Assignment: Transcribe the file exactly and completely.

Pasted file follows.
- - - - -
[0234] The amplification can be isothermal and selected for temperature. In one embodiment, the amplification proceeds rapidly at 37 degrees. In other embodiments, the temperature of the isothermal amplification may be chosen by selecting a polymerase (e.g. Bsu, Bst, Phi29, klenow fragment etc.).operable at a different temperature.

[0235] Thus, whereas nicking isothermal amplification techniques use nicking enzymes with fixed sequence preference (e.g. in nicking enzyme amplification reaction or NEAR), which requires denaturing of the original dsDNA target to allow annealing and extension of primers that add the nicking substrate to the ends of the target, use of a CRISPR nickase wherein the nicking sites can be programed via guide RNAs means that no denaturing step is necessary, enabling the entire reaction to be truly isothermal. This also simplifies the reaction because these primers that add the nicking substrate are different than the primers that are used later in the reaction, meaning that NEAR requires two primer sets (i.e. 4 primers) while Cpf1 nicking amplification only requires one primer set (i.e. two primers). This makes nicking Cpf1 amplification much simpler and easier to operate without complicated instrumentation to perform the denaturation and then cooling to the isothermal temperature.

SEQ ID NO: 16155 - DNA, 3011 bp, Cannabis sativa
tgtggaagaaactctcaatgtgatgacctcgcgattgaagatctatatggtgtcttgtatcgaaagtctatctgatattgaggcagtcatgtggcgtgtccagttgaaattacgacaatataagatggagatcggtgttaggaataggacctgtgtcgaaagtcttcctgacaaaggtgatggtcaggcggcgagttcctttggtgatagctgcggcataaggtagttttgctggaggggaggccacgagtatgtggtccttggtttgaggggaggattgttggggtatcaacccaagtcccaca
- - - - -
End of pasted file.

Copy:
[0234] The amplification can be isothermal and selected for temperature. In one embodiment, the amplification proceeds rapidly at 37 degrees. In other embodiments, the temperature of the isothermal amplification may be chosen by selecting a polymerase (e.g. Bsu, Bst, Phi29, klenow fragment etc.).operable at a different temperature.

[0235] Thus, whereas nicking isothermal amplification techniques use nicking enzymes with fixed sequence preference (e.g. in nicking enzyme amplification reaction or NEAR), which requires denaturing of the original dsDNA target to allow annealing and extension of primers that add the nicking substrate to the ends of the target, use of a CRISPR nickase wherein the nicking sites can be programed via guide RNAs means that no denaturing step is necessary, enabling the entire reaction to be truly isothermal. This also simplifies the reaction because these primers that add the nicking substrate are different than the primers that are used later in the reaction, meaning that NEAR requires two primer sets (i.e. 4 primers) while Cpf1 nicking amplification only requires one primer set (i.e. two primers). This makes nicking Cpf1 amplification much simpler and easier to operate without complicated instrumentation to perform the denaturation and then cooling to the isothermal temperature.

SEQ ID NO: 16155 - DNA, 3011 bp, Cannabis sativa
tgtggaagaaactctcaatgtgatgacctcgcgattgaagatctatatggtgtcttgtatcgaaagtctatctgatattgaggcagtcatgtggcgtgtccagttgaaattacgacaatataagatggagatcggtgttaggaataggacctgtgtcgaaagtcttcctgacaaaggtgatggtcaggcggcgagttcctttggtgatagctgcggcataaggtagttttgctggaggggaggccacgagtatgtggtccttggtttgaggggaggattgttggggtatcaacccaagtcccaca